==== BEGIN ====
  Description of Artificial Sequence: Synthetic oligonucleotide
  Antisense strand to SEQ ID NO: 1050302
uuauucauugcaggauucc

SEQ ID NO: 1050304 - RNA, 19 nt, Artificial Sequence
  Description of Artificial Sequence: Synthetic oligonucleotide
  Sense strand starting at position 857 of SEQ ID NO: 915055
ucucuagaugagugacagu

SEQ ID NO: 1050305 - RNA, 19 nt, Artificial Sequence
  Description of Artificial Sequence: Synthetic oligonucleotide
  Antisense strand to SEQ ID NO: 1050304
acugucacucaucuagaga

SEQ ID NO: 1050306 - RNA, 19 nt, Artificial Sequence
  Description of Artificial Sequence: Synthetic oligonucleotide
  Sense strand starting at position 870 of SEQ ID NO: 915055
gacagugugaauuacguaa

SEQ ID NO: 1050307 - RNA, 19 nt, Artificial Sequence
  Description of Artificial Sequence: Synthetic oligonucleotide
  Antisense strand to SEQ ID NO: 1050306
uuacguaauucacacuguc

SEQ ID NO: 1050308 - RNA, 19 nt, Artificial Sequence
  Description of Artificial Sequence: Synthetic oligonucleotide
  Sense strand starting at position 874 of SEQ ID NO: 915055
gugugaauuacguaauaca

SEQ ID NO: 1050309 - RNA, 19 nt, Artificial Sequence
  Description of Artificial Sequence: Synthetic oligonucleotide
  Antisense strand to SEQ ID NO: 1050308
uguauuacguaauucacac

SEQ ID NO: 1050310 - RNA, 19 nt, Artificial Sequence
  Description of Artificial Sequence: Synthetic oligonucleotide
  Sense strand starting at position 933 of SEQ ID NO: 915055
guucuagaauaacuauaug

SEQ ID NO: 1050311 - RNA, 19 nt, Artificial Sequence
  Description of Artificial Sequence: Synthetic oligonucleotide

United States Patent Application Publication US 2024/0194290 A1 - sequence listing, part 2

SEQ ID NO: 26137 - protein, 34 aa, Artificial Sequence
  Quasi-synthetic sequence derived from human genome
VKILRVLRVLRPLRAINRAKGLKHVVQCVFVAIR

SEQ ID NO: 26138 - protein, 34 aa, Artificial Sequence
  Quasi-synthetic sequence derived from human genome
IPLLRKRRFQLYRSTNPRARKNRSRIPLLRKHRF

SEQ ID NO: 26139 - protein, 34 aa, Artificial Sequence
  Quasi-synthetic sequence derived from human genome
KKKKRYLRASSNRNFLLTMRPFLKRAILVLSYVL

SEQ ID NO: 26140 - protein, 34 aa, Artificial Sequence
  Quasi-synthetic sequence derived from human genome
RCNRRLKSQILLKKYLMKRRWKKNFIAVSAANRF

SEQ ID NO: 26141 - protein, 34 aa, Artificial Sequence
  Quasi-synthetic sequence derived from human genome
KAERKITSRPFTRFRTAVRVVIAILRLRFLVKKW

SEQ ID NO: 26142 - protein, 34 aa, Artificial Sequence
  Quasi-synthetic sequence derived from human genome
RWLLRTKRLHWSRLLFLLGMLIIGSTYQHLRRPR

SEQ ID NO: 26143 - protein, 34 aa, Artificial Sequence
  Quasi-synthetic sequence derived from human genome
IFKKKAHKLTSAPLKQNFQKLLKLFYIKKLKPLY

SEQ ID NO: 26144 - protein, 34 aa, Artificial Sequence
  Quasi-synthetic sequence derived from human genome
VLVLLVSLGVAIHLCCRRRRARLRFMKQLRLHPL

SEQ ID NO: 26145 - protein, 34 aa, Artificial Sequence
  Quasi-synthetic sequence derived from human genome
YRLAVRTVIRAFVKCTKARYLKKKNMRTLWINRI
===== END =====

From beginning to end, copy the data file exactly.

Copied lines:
  Description of Artificial Sequence: Synthetic oligonucleotide
  Antisense strand to SEQ ID NO: 1050302
uuauucauugcaggauucc

SEQ ID NO: 1050304 - RNA, 19 nt, Artificial Sequence
  Description of Artificial Sequence: Synthetic oligonucleotide
  Sense strand starting at position 857 of SEQ ID NO: 915055
ucucuagaugagugacagu

SEQ ID NO: 1050305 - RNA, 19 nt, Artificial Sequence
  Description of Artificial Sequence: Synthetic oligonucleotide
  Antisense strand to SEQ ID NO: 1050304
acugucacucaucuagaga

SEQ ID NO: 1050306 - RNA, 19 nt, Artificial Sequence
  Description of Artificial Sequence: Synthetic oligonucleotide
  Sense strand starting at position 870 of SEQ ID NO: 915055
gacagugugaauuacguaa

SEQ ID NO: 1050307 - RNA, 19 nt, Artificial Sequence
  Description of Artificial Sequence: Synthetic oligonucleotide
  Antisense strand to SEQ ID NO: 1050306
uuacguaauucacacuguc

SEQ ID NO: 1050308 - RNA, 19 nt, Artificial Sequence
  Description of Artificial Sequence: Synthetic oligonucleotide
  Sense strand starting at position 874 of SEQ ID NO: 915055
gugugaauuacguaauaca

SEQ ID NO: 1050309 - RNA, 19 nt, Artificial Sequence
  Description of Artificial Sequence: Synthetic oligonucleotide
  Antisense strand to SEQ ID NO: 1050308
uguauuacguaauucacac

SEQ ID NO: 1050310 - RNA, 19 nt, Artificial Sequence
  Description of Artificial Sequence: Synthetic oligonucleotide
  Sense strand starting at position 933 of SEQ ID NO: 915055
guucuagaauaacuauaug

SEQ ID NO: 1050311 - RNA, 19 nt, Artificial Sequence
  Description of Artificial Sequence: Synthetic oligonucleotide

United States Patent Application Publication US 2024/0194290 A1 - sequence listing, part 2

SEQ ID NO: 26137 - protein, 34 aa, Artificial Sequence
  Quasi-synthetic sequence derived from human genome
VKILRVLRVLRPLRAINRAKGLKHVVQCVFVAIR

SEQ ID NO: 26138 - protein, 34 aa, Artificial Sequence
  Quasi-synthetic sequence derived from human genome
IPLLRKRRFQLYRSTNPRARKNRSRIPLLRKHRF

SEQ ID NO: 26139 - protein, 34 aa, Artificial Sequence
  Quasi-synthetic sequence derived from human genome
KKKKRYLRASSNRNFLLTMRPFLKRAILVLSYVL

SEQ ID NO: 26140 - protein, 34 aa, Artificial Sequence
  Quasi-synthetic sequence derived from human genome
RCNRRLKSQILLKKYLMKRRWKKNFIAVSAANRF

SEQ ID NO: 26141 - protein, 34 aa, Artificial Sequence
  Quasi-synthetic sequence derived from human genome
KAERKITSRPFTRFRTAVRVVIAILRLRFLVKKW

SEQ ID NO: 26142 - protein, 34 aa, Artificial Sequence
  Quasi-synthetic sequence derived from human genome
RWLLRTKRLHWSRLLFLLGMLIIGSTYQHLRRPR

SEQ ID NO: 26143 - protein, 34 aa, Artificial Sequence
  Quasi-synthetic sequence derived from human genome
IFKKKAHKLTSAPLKQNFQKLLKLFYIKKLKPLY

SEQ ID NO: 26144 - protein, 34 aa, Artificial Sequence
  Quasi-synthetic sequence derived from human genome
VLVLLVSLGVAIHLCCRRRRARLRFMKQLRLHPL

SEQ ID NO: 26145 - protein, 34 aa, Artificial Sequence
  Quasi-synthetic sequence derived from human genome
YRLAVRTVIRAFVKCTKARYLKKKNMRTLWINRI